2010 February Archive - Science as Social Enterprise

Archive for February, 2010

The Hologenome: the Cold Spring Harbor 1994 presentation

I finally unearthed the old videos of my Cold Spring Harbor talk in 1994 in which I outlined the ideas and context of the ‘Hologenome’ as a new lens on evolution.  Cold Spring Harbor actually packaged and (briefly and presumably unsuccessfully) marketed these videos of the meeting.  Now out of print.

Cambia\’s Youtube Channel, including Cold Spring Harbor presentation

At that time (September, 1994)  I was trying to set the scene for why studying, understanding and manipulating complex systems with tools and approaches of reductionism would not be enough.

I started in part one with the concept of getting ‘Beyond the Model System’, and used real-world agriculture and environment as the entry point for that discussion.

(more…)

The hologenome theory of evolution

I’d like to share an email exchange I had some months ago with Eugene Rosenberg, one of the authors of some extremely interesting papers outlining the hologenome theory of evolution.   He and his wife, Ilana Zilber-Rosenberg apparently completely independently from me articulated the hologenome theory from their experiences in microbiology and nutrition, and coral microbiology in particular.

In 2009, I found some Rosenberg papers describing the hologenome theory from 2008 and 2009.  I was delighted at the clear and lucid writing and exposition, and that their observations leading to the hologenome concept came from such a different field to my own.

My  development of the hologenome theory in 1991-1994 came from two avenues of work I’d been pursuing for some years:

1)  vertebrate commensal microbes and their role in controlling critical hormones necessary for macro-organism fitness and

2) the role of endophytic and epiphytic microbes in plant performance in agriculture, including of course rhizobia and numerous other plant-associated bacteria.

Purging the backlog of thoughts

I’ve had an absurd number of people urge me to break my life-long writers’ block and start to put some of the lessons from the last couple of decades on (virtual) paper, so others can learn, criticize and comment, and so I can improve our strategies.

So I’ve undertaken that in the next year, I’ll write extensively on innovation systems, biological evolution, agriculture, patents, new technologies, social equity, biotechnology, environmental interventions, hologenomes, open stuff, and so on.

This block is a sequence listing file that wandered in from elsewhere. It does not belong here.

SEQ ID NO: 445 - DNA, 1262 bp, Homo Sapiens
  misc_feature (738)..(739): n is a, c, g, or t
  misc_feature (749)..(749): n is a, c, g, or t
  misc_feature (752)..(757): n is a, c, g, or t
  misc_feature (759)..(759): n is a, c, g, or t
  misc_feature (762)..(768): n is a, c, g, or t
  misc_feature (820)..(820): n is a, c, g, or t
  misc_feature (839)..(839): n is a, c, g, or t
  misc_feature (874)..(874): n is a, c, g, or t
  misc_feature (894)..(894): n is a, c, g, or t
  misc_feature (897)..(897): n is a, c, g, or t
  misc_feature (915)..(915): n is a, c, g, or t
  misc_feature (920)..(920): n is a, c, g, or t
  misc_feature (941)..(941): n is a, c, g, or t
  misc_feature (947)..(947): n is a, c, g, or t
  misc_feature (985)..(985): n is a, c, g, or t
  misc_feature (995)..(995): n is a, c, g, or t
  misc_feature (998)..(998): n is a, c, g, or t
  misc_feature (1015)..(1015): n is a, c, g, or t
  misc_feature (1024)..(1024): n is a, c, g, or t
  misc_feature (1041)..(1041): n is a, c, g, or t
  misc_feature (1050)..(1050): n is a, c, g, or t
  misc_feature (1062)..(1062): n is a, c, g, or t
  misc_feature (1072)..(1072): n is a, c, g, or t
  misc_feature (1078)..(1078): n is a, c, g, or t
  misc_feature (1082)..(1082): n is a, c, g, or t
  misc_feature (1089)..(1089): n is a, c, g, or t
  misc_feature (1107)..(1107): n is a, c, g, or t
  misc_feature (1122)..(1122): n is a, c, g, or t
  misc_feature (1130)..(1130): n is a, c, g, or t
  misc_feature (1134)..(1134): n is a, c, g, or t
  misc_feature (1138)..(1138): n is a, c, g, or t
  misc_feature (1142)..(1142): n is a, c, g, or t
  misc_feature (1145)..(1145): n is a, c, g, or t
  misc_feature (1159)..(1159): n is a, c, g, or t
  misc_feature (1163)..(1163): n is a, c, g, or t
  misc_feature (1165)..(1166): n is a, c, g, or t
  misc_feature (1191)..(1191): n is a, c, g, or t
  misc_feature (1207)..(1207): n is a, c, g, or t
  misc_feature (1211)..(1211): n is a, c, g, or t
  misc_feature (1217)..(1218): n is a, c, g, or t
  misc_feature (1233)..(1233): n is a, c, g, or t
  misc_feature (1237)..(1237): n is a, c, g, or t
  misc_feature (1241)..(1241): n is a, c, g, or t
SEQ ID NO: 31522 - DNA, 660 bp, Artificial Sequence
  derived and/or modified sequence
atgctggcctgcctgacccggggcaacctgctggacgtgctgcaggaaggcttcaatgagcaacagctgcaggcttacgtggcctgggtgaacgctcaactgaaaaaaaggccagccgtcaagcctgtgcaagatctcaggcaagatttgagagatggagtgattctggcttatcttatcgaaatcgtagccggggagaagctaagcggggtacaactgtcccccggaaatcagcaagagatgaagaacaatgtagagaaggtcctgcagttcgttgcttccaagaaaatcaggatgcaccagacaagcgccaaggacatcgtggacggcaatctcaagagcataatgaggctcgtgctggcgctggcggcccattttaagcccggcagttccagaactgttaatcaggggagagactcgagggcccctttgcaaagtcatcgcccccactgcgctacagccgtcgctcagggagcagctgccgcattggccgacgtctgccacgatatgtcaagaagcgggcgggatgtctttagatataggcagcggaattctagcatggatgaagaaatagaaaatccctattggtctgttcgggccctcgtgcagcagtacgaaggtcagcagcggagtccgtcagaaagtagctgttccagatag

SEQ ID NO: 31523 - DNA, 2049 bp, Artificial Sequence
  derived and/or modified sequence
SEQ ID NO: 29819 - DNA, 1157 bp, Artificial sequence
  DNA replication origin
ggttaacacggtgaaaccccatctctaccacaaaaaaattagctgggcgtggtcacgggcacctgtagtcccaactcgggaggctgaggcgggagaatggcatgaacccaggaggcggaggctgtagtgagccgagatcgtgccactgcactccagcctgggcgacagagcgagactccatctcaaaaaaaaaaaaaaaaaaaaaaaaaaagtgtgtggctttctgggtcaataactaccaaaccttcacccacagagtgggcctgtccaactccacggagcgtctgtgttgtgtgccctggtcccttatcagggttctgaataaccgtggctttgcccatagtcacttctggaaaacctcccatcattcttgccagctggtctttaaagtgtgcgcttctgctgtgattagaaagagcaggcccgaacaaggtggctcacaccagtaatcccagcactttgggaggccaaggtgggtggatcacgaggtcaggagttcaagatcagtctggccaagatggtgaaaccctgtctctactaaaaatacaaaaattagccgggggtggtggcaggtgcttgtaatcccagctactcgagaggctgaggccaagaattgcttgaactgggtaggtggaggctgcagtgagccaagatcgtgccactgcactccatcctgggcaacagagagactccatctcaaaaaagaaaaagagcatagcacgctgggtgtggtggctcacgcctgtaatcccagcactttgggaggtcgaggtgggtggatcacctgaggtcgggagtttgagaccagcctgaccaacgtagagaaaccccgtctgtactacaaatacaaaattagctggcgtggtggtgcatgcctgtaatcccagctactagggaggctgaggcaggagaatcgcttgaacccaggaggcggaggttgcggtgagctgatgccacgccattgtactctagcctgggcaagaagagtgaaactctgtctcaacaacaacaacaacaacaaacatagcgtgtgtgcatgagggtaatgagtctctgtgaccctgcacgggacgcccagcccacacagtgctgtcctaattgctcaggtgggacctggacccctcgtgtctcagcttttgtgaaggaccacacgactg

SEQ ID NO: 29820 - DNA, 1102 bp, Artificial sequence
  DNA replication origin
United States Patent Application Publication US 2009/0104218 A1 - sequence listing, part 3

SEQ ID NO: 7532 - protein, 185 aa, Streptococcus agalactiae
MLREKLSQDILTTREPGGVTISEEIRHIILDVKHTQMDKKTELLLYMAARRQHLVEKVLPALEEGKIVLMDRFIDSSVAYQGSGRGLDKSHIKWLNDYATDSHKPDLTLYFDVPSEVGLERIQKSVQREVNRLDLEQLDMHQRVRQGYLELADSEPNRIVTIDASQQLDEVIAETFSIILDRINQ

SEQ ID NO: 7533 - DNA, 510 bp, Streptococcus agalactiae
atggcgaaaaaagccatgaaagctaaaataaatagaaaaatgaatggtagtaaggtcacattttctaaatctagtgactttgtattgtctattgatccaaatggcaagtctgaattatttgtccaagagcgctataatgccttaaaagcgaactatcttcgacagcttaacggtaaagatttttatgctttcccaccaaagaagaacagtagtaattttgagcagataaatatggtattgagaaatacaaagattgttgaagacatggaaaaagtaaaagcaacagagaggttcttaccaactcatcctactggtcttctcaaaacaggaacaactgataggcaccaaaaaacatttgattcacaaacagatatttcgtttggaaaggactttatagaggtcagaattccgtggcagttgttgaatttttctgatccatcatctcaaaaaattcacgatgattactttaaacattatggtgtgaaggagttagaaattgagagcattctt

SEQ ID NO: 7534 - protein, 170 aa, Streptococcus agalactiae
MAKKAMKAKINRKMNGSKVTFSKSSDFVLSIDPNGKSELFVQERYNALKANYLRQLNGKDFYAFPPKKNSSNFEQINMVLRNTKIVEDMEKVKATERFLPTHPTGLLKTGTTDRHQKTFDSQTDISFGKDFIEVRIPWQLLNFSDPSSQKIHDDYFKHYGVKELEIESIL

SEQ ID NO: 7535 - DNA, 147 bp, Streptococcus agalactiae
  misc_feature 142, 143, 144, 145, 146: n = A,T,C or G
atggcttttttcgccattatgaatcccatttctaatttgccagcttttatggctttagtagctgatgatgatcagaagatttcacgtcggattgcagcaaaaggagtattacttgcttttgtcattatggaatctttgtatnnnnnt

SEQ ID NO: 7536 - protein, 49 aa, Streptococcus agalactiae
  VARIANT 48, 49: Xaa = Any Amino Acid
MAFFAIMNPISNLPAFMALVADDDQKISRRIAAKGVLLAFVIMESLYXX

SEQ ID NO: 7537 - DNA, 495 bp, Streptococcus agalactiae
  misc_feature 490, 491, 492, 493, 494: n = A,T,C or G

I haven’t decided if I’ll do it just on this blog, which seems one of the best-kept secrets on the internet, or publish in more conventional outlets, and mirror and discuss those pieces here.   Probably a bit of both.

USPTO Delivers big time: Free, fast, timely public access to the best patent data

At Cambia, to create the Patent Lens (www.patentlens.net) we’ve probably spent USD 300,000 or more over the years to acquire and serve to the public the full text and images of  US Patents and Applications.   This is a pretty heavy load for a small non-profit, but through commitment by our supporters, we’ve managed.

When the Open Government Directive was announced in the current administration, I was hopeful that the US Patent and Trademark Office would begin to make its bulk patent data available at no cost, and as well, create a way for the public to access the important ancillary data relating to status and prosecution history, called ‘PAIR’.

When USPTO announced the unusual partnership with Google to do just that, I was both pleased and a bit nervous that this was creating a cozy relationship with one big player in the information space, reminiscent of the relationships that EPO has had with ‘added value’ information gatekeepers.   I was also a bit skeptical that it would work and would deliver.

What happened in the last months since Jon Orwant at Google began hosting the bulk data was remarkable.    But it was incomplete.   The most valuable information (financially and often technically) is the most recent set of documents – the applications and grants published this year – and ideally this minute.      And these were lacking.    Until a couple of weeks ago, there was essentially no 2010 data on the Google bulk site.

I was concerned by this, and spent some serious time and bandwidth in conversations and emails with people in the Government and at Google, and in the last couple of weeks, the responsiveness of the USPTO, Google, the Commerce Department and the Office of Science & Technology Policy  has been nothing short of spectacular.   In fact, the whole experience made me realize that ‘Open Government’ is a passion and a mission to many of its practitioners in Washington and Virginia, and that there are some real heroes in the system who should get recognition.

In short, they made very courageous decision to provide to the public the highest margin data that they currently sell, at no cost, and on time.  And then they actually did it.  http://www.google.com/googlebooks/uspto-patents.html

(more…)